November: am

During the first two weeks in November the coast of the southern Fleurieu Peninsula has been buffeted by strong westerly winds. Only the odd days here and there have been without the wind. It is only in this third week of November that I have returned to walking along the beach around the mouth of the Inman River in the early morning or amongst the rocks west of Petrel Cove in the late afternoon.

Kayla, Esplanade Beach, Victor Harbor

It is usually quiet on the Esplanade Beach early in the morning. There are not very many people walking along this beach—just the odd local person walking their dog. So Kayla and I have the beach pretty much to ourselves.

Inman River walks

During the autumn of 2018 I made a number of afternoon poodlewalks with Maleko and Kayla along a couple of the walking trails by the Inman River. One of these trails was a walk around the small redgum loop trail by the river near Armstrong ( Ring Route ) Rd. I did this several times, including a few in the morning, before the trail became flooded. On the odd occasion on the redgum woodland loop walk I photographed with a film camera.

Another walk we sometimes did was the linear one along the floodplain on the eastern side of the river amongst that is populated by kangaroos. We would start from the old SA Water waste treatment plant on Canton Place and then make our way along the redgums on the floodplain to where the river passed the Victor Harbor cemetery. We would then slowly make our way back to the Forester in Canton Place as dusk started to fall:

Inman River floodplain

I meant to return to the floodplain area during the winter of 2018 when the river was flowing with a film camera and tripod, but I never did. I only ever scoped the floodplain as I found the floodplain difficult to photograph: just trees, a dry river bed, and leaves on the ground.

returning to the Heysen Trail

In the last week or so I have returned to walking along the Waitpinga section of the Heysen Trail in the morning with Kayla and in the afternoon with Maleko. This section of the Heysen Trail is a narrow strip of scrub or bush that runs between two roads, and it is bounded by two grazing paddocks (cattle and sheep). The narrow strip is a corridor that is quite dense in parts.

The mornings and afternoons have been overcast with minimal wind, and this has allowed me to do some black and white film photography of tree subjects that I had photographed in colour a couple of years ago. I started the scoping here.

Whilst walking to and from the photo sites on both the morning and the afternoon poodlewalks I made some exploratory/scoping studies of different subject matter in the scrub/bush for some future film photography. This is an example:

branch, Heysen Trail

I would have walked past this branch on the edge of the path of the Heysen Trail many times without ever having seen it. I only saw it this time because Kayla went exploring in the undergrowth behind the branch. I quickly made a snap and moved on.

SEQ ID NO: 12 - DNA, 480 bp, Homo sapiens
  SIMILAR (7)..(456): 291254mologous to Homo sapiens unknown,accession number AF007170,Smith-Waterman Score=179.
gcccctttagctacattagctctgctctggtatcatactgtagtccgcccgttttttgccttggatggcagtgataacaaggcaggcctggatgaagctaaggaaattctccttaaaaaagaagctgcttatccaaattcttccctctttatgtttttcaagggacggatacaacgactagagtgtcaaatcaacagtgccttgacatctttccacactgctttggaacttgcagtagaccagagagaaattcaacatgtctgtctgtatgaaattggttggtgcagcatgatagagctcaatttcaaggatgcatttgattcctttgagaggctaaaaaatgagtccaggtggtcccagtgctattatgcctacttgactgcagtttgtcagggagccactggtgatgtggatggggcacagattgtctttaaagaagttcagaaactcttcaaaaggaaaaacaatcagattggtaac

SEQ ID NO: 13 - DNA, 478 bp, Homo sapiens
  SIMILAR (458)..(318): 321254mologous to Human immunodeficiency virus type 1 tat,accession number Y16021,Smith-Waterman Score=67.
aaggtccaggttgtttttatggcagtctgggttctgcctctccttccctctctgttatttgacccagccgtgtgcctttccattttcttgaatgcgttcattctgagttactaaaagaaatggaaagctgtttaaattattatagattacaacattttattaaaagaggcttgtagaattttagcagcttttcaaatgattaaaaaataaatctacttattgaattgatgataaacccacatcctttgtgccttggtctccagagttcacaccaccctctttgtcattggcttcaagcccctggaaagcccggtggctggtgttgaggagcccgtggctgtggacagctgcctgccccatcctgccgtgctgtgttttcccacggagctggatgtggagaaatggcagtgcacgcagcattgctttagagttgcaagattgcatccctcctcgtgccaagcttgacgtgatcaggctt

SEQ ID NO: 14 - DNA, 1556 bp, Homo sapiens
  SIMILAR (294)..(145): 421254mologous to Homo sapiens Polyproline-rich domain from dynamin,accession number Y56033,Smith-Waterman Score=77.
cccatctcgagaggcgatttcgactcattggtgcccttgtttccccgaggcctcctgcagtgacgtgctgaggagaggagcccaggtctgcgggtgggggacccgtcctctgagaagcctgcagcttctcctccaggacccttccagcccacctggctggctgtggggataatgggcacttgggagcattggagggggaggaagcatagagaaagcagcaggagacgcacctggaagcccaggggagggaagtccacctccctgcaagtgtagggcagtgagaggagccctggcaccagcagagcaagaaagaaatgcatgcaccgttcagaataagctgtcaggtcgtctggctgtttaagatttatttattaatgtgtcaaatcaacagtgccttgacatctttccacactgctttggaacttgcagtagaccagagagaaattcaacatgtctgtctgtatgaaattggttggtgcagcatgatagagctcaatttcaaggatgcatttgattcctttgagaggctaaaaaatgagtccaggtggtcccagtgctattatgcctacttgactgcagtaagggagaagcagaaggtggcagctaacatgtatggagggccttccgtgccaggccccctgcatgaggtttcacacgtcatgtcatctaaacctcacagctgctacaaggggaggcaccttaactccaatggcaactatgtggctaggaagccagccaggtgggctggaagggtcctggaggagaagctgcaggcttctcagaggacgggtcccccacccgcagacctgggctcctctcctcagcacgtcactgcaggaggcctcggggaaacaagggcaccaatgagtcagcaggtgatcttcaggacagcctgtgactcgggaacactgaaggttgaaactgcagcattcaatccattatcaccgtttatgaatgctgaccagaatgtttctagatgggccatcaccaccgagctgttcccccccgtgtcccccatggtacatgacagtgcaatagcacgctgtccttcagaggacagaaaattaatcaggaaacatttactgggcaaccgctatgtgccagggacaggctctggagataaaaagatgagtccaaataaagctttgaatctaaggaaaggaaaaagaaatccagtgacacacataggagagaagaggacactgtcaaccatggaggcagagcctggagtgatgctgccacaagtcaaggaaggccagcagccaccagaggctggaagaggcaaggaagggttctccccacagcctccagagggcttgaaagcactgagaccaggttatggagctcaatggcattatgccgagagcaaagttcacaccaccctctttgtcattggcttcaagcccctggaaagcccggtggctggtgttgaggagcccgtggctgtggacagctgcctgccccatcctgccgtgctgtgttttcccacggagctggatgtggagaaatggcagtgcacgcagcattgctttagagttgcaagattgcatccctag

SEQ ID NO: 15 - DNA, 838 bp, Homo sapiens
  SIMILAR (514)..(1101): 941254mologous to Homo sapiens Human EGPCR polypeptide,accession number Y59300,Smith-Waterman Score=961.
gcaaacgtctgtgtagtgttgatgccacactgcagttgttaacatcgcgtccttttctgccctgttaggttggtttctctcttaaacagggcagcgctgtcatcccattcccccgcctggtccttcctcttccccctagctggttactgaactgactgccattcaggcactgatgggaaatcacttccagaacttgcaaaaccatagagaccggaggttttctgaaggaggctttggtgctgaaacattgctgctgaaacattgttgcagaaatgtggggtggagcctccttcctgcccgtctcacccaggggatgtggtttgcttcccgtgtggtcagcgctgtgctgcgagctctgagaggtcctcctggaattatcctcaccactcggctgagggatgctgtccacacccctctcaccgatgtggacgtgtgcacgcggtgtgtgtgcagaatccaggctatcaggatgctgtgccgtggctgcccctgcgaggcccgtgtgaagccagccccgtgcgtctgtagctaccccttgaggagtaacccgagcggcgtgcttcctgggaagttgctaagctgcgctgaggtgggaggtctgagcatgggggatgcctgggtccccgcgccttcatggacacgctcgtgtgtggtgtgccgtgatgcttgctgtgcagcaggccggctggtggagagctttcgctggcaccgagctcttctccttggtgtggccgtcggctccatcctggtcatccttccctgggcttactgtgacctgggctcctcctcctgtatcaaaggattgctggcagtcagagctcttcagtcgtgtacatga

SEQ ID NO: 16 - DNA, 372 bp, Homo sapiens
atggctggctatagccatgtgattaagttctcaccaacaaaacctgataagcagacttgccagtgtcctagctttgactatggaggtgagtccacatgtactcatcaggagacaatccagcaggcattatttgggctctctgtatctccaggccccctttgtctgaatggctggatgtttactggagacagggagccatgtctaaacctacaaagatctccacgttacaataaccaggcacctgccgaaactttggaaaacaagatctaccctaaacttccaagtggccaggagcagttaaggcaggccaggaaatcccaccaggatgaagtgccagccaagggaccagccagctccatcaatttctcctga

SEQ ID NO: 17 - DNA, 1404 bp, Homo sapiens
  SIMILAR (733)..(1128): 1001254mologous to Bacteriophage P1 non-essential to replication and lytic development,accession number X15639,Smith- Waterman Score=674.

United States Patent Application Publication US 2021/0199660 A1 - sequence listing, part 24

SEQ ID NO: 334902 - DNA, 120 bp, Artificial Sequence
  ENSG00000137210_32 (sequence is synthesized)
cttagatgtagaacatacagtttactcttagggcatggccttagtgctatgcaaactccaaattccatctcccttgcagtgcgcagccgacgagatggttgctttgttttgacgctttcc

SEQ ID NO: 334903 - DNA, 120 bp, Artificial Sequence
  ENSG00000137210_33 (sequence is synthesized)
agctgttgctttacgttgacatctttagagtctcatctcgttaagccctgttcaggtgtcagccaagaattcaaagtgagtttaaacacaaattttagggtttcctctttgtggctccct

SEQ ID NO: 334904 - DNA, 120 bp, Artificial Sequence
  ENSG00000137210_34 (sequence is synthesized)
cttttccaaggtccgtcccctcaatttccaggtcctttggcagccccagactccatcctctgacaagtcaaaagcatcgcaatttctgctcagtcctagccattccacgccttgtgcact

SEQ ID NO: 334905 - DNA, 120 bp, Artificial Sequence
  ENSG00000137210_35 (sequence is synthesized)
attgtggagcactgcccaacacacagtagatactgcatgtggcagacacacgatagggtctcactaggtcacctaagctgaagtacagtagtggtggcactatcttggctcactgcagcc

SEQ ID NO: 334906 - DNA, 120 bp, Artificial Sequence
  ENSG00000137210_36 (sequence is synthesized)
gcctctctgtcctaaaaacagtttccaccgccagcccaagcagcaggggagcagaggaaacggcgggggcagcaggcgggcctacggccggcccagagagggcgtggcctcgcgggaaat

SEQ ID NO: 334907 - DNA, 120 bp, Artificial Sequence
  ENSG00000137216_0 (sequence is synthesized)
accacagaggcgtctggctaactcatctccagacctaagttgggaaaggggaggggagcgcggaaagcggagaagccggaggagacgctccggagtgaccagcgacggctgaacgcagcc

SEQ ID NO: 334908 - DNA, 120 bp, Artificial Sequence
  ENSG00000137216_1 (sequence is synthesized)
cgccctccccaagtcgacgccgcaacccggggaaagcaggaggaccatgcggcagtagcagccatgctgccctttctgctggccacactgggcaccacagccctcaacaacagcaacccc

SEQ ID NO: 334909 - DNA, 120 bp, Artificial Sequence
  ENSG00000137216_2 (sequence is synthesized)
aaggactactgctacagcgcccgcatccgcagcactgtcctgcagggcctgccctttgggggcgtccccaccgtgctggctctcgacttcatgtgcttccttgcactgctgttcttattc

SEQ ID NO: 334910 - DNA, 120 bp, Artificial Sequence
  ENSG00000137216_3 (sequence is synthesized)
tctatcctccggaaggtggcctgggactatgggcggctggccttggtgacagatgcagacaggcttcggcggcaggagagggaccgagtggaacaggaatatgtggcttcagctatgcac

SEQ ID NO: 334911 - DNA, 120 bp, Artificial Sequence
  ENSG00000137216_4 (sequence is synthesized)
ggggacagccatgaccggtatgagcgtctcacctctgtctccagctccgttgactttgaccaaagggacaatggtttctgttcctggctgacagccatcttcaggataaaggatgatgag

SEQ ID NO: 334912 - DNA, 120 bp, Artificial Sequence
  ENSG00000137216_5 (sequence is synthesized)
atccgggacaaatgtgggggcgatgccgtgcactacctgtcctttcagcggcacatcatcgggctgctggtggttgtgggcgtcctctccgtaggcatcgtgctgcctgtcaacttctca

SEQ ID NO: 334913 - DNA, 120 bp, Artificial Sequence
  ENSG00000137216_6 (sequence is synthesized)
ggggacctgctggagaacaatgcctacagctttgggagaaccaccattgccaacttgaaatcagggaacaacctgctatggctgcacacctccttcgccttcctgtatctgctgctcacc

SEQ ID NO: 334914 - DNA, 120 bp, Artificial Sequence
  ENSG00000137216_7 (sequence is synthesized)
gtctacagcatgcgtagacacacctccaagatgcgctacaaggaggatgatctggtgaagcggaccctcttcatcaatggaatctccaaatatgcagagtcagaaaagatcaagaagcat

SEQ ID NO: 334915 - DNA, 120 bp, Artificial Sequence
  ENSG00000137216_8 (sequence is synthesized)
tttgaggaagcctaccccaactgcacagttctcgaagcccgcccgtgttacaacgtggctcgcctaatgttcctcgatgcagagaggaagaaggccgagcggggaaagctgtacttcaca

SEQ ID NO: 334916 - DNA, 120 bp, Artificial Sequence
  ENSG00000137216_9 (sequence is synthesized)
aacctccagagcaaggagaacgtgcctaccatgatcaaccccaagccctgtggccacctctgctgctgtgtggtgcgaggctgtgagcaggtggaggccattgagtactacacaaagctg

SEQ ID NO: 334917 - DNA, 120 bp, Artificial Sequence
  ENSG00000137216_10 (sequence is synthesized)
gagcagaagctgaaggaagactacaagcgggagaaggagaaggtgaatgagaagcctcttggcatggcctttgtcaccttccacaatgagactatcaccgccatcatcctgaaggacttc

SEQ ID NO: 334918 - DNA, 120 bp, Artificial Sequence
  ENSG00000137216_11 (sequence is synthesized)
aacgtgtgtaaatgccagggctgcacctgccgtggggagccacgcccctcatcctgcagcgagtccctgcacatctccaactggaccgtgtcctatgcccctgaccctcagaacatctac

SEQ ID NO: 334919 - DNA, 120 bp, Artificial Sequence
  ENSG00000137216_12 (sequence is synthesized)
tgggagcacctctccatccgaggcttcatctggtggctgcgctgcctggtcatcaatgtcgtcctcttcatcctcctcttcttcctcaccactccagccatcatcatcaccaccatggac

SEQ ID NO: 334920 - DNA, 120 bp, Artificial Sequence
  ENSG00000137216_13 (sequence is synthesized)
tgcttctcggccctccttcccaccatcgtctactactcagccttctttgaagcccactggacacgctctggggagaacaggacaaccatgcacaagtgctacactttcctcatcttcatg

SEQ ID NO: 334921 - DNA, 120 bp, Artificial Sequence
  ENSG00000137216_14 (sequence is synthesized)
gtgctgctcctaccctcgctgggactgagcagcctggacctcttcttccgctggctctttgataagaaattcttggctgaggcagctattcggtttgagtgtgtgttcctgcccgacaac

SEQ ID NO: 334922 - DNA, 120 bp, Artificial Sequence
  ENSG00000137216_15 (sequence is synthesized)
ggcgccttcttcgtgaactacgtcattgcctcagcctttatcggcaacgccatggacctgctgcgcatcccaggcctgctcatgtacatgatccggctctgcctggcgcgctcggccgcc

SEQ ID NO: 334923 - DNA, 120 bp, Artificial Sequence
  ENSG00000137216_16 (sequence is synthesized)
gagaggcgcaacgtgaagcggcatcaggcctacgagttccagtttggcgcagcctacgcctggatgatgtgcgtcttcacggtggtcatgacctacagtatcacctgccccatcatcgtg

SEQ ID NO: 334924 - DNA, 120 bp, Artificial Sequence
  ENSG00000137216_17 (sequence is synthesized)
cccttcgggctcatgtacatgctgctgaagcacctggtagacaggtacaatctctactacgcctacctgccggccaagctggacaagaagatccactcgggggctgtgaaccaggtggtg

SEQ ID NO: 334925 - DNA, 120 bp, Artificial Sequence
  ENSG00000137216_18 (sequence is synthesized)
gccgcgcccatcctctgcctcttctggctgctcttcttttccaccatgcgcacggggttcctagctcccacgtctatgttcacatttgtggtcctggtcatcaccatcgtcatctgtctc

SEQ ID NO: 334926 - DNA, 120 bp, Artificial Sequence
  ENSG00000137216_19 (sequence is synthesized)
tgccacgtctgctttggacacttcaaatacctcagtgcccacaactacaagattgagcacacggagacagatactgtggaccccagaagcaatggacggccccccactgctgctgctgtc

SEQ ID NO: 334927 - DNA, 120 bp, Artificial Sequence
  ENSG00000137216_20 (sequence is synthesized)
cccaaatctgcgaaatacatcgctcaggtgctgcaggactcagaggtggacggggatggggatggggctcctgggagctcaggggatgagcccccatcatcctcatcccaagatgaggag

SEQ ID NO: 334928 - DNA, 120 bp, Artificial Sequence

the Xmas break 2018

The weather along the coast of the southern Fleurieu Peninsula over the Xmas break was surprisingly cool; surprisingly so,  given the record breaking heatwave across central and south-eastern  Australia.

Despite having several  friends  stay with us in and around the  Xmas break, it was  a quiet holiday  for me.  I’d  sprained my right shoulder one morning just before  Xmas day  whilst helping Suzanne  to make the bed.

bark abstract, Encounter Bay

The shoulder  became  inflamed and,  as it involved shoulder bursitis pain,    I was obliged to rest the right arm in a sling  for a couple of days over Xmas  before  seeing a physiotherapist late in the Xmas/New Year Day week.  I was given a set of exercises to do  for a week to strengthen the strained shoulder muscle.

Then the injury  would be reassessed. The prognosis was that it could take 2-8 weeks to heal, depending on  how I responded to the various exercises. I’ve  had good days and bad days so far.   Continue reading “the Xmas break 2018”

at Kuitpo Forest Reserve

We usually visit the  Kuitpo Forest Reserve for the afternoon  poodlewalk when we are on our return journey  to Encounter Bay after  the poodles have spent the day at  the  Mt Barker dog groomers. These  occasions are once every six weeks–poodles are high maintenance— and we when we are walking in the forest we routinely avoid walking in  the pinus radiata  plantation areas .

We prefer   to  wander  within the small sparse areas of eucalyptus in the forest reserve:

Kuitpo Forest

All goes smoothly on the walk, if we  avoid the campers, the campsite foreplaces   and the various kangaroos in this part of Kuitpo Forest.

I usually walk around with a digital camera. The light in the forest after  4pm during the winter is often too low  to be able to use  hand held film cameras:

Kuitpo Forest

And during summer months  the light at 4pm is very bright and contrasty. The gates are closed around 4pm during the fire season  to prevent any camping.

So winter is the time for photography Kuitpo Forest Reserve as the sun in the late afternoon is low enough to gently lighten up the trees.